The addition of tazemetostat to rituximab, cyclophosphamide, doxorubicin, vincristine, prednisone was generally well tolerated and demonstrated early anti-tumor activity in patients with newly diagnosed diffuse large B-cell lymphoma, according to the findings from the phase Ib study.
The addition of tazemetostat to rituximab (Rituxan), cyclophosphamide, doxorubicin, vincristine, prednisone (R-CHOP) was generally well tolerated and demonstrated early anti-tumor activity in patients with newly diagnosed diffuse large B-cell lymphoma (DLBCL), according to the findings from the phase Ib study.
While R-CHOP remains the standard of care in patients with DLBCL, 30% to 40% of patients over the age of 60 years will present with primary refractory disease, representing an unmet need in this patient population. These preliminary findings are encouraging and warrant further evaluation in a phase II setting.
The median follow-up was 20.6 months in cohort 1 (400 mg tazemetostat), 14.5 months in cohort 2 (600 mg tazemetostat), and 7.5 months in cohort 3 (800 mg tazemetostat). One patient died during cycle 1 while 3 patients discontinued treatment (1 due to investigator decision and 2 for reasons other than toxicity or progression) and were considered non-responders. Thirteen patients completed all 8 cycles of therapy and reached metabolic complete response (mCR). The mCR rate was 76.5%.
Two patients relapsed during follow-up; 1 with early relapse was salvaged by R-ICE (rituximab, ifosfamide, carboplatin, etoposide) followed by autologous stem cell transplantation, and 1 late relapse is under salvage treatment with rituximab, dexamethasone, high dose cytarabine, and oxaliplatin. Overall, 11 patients remain in CR with a duration ranging from 2 to 14 months.
Components of R-CHOP, with the exception of vincristine, were administered with a mean dosage close to 100% in patients; 94% received more than 90% of the expected dose of rituximab, while 100% each received more than 90% of the expected dosage of doxorubicin and cyclophosphamide. There was, however, a significant reduction of 50% in the dose of vincristine required in 7 patients (41%), due to peripheral neuropathy and/or constipation.
For the first 2 cycles, cohort 1 had 1 patient with a dose-limiting toxicity (DLT), which was grade 3 constipation. In cohort 3, 1 patient also had a DLT of grade 5 pneumocystis jirovecii during cycle 1. No patients in cohort 2 had DLTs during the first 2 cycles of treatment. Other serious adverse events (SAEs) reported included 1 grade 3 febrile neutropenia and 1 grade 3 hypokalemia.
Out of the 17 patients on the study, >10% experienced non-hematologic AEs. The most common toxicities were gastrointestinal AEs, which included nausea (59%), vomiting (53%), abdominal pain (29%), and diarrhea (23%). Additionally, patients experienced neurological toxicity (35%), infectious (35%), weight loss (29%), musculo-skeletal pain (23%), fatigue (23%), headache (23%), and anxiety, chest pain, cholestasis, hypokalemia, and mucositis (12% each).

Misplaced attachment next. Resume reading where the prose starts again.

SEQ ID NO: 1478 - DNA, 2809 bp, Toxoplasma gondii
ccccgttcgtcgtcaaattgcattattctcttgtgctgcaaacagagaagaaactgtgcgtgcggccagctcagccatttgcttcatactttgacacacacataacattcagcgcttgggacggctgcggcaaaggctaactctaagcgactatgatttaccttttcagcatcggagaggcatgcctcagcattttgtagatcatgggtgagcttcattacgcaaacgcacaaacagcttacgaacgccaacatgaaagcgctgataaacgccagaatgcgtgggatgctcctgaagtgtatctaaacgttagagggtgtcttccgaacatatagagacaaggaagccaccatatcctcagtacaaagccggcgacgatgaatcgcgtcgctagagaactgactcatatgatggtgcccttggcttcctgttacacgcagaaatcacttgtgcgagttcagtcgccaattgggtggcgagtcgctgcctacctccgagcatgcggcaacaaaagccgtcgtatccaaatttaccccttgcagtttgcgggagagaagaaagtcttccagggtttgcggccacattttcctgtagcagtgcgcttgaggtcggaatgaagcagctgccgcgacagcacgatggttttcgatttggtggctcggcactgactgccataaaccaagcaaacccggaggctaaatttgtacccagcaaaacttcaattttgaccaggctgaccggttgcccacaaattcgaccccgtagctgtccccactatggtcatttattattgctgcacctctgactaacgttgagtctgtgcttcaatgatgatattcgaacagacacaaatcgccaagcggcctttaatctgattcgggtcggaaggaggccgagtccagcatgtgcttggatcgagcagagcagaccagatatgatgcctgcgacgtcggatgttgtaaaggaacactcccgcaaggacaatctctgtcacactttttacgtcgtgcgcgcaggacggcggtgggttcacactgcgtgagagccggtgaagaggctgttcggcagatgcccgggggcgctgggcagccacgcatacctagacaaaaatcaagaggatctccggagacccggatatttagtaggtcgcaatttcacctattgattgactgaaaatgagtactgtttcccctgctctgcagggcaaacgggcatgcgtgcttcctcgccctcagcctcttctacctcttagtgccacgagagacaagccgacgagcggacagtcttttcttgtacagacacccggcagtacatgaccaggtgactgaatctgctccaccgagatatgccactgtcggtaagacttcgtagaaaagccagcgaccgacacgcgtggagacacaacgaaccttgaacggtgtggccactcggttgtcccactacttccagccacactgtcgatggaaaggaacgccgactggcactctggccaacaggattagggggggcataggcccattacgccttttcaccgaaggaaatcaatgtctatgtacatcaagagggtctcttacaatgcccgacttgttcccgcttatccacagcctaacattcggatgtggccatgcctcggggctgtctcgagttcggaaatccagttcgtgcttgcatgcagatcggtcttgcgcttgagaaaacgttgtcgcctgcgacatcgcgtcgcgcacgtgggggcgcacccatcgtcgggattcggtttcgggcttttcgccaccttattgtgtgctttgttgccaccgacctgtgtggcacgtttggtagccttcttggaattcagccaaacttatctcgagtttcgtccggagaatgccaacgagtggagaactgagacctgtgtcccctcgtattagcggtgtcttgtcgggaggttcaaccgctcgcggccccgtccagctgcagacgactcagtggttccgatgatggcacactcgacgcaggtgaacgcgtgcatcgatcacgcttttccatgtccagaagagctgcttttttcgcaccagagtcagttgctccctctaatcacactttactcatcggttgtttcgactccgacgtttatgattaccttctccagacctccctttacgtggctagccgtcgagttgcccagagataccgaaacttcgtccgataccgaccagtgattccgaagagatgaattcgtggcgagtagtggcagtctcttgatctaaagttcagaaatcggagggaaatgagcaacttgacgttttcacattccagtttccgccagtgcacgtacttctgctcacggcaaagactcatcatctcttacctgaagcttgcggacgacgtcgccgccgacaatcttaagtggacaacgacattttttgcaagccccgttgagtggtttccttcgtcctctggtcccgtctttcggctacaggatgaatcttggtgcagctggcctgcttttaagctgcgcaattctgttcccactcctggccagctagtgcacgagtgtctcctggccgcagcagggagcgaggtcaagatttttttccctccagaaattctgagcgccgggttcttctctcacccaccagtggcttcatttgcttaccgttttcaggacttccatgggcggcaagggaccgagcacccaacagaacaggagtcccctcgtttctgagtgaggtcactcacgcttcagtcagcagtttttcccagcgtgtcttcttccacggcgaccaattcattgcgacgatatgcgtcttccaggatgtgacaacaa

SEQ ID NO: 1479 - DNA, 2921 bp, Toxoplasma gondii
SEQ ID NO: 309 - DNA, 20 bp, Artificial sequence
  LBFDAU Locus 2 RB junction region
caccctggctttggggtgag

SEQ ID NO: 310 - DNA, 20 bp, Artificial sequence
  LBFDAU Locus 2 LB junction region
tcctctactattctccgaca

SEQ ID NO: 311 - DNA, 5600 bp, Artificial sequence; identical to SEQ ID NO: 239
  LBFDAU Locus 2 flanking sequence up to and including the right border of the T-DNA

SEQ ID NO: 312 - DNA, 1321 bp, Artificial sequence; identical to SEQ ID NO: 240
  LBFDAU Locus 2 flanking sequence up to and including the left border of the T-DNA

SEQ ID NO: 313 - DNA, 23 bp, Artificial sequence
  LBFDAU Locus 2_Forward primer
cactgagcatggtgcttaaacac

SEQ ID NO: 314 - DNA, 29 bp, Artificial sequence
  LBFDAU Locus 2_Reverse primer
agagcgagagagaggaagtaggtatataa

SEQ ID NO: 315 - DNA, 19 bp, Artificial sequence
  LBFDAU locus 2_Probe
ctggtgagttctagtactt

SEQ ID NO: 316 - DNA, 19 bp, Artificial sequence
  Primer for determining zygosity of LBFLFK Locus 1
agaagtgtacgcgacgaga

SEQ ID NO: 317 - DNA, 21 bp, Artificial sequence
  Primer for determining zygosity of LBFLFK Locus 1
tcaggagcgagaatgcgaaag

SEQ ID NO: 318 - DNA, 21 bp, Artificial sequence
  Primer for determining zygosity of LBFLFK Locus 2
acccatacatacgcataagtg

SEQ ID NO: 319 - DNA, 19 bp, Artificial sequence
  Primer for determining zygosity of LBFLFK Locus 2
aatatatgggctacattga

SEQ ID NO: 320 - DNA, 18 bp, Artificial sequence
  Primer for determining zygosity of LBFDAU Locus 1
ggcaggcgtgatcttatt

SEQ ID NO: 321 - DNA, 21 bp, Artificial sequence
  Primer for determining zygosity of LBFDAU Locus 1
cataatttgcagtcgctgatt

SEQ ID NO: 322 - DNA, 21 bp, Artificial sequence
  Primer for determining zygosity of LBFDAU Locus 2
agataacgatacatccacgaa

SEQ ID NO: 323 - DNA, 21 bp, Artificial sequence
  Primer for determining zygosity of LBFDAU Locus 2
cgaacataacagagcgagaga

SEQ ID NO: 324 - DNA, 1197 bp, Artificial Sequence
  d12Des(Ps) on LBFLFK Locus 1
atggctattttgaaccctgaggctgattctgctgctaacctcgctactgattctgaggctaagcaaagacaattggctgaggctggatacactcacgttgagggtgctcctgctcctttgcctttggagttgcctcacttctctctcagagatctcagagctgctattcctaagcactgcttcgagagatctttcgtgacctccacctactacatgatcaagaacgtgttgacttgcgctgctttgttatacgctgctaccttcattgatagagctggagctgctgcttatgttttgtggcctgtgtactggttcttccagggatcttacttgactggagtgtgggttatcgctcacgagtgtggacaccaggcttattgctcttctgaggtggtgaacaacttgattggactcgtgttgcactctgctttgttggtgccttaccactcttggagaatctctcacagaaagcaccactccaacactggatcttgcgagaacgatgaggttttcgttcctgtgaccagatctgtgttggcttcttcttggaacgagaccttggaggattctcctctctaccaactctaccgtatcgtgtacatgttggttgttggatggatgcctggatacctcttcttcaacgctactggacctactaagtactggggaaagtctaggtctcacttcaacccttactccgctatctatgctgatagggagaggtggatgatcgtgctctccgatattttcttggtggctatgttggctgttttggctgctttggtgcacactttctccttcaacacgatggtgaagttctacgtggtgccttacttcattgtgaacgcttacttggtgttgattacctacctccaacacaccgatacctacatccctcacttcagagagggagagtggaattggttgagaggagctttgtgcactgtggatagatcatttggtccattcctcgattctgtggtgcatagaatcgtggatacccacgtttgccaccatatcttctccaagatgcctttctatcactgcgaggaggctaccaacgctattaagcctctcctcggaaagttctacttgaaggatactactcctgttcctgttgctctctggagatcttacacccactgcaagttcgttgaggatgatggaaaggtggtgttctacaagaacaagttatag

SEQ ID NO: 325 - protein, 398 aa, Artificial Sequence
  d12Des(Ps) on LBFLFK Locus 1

Most AEs were grade 1 or 2, while grade 3 toxicities were observed in >10% of patients, which included constipation (24%), nausea (12%), and hypokalemia (12%).
Hematologic AEs, occurring in >10% of patients, included neutropenia (47%), anemia (41%), leukopenia (41%), and thrombocytopenia (12%). Grade 3 or 4 hematologic AEs were observed in 47% of patients, which included neutropenia (47%), leukopenia (29%), anemia (18%), and thrombocytopenia (12%).
Fourteen patients continued treatment after the first 2 cycles. The incidence of hematologic toxicities remained stable during cycles 3 through 8. Anemia (50%), neutropenia (42.9%), and thrombocytopenia (21.4%) were reported. Grade 3 or greater hematologic AEs included leukopenia and neutropenia (28.6%) and thrombocytopenia (21.4%). Investigators noted that incidence of grade 3 thrombocytopenia was higher but did not require platelet transfusion.
Grade 3 or greater non-hematologic AEs occurred in less than 10% of patients, and 1 patient had 2 SAEs, including 1 acute pyelonephritis with staphylococci bacteremia and grade 1 renal failure and a post lumbar puncture syndrome.
In the open-label, multicenter dose escalation study, patients were enrolled in a 3+3 manner to dose levels starting at 400 mg twice daily. Patients received a maximum of 8 cycles of standard R-CHOP every 21 days in combination with tazemetostat at a dose of either 400 mg, 600 mg, or 800 mg twice daily continuously starting on day 2 of cycle 1 until day 21.
Overall, 17 patients received at least 1 dose of the combination, and the median age was 68 years old (range, 61-76). Thirteen patients (76.5%) had stage IV disease, while 9 (53%) had 2 or more extra-nodal involvement. Of the 15 patients who had available data for RT-MLPA analysis, 8 were classified as GC-DLBCL NOS, 5 as ABC-DLBCL NOS, and 1 each of unclassified DLBCL NOS and EBV+ DLBCL.
To be included in the trial, treatment-naïve patients with high risk DLBCL had to be between the ages of 60 and 80 years old. They had to have an ECOG performance status of 0 or 1, adequate renal function, bone marrow function, liver function, left ventricular ejection fraction in >50%.
If patients presented with central nervous system or meningeal involvement, they were excluded from the study. Additionally, patients were excluded if they had received prior treatment with any EZH2 inhibitor or had any previous lymphoma treatment.
While these preliminary findings are encouraging for a patient population of unmet need, further investigation of the combination will be explored in a phase II clinical trial.
Sarkozy C, Morschhauser F, Dubois S, et al. A LYSA Phase Ib Study of tazemetostat (EPZ-6438) plus R-CHOP in newly diagnosed Diffuse Large B Cell Lymphoma (DLBCL) patients with poor prognosis features [Published Online March 2, 2020].Clin Cancer Res. doi: 10.1158/1078-0432.CCR-19-3741.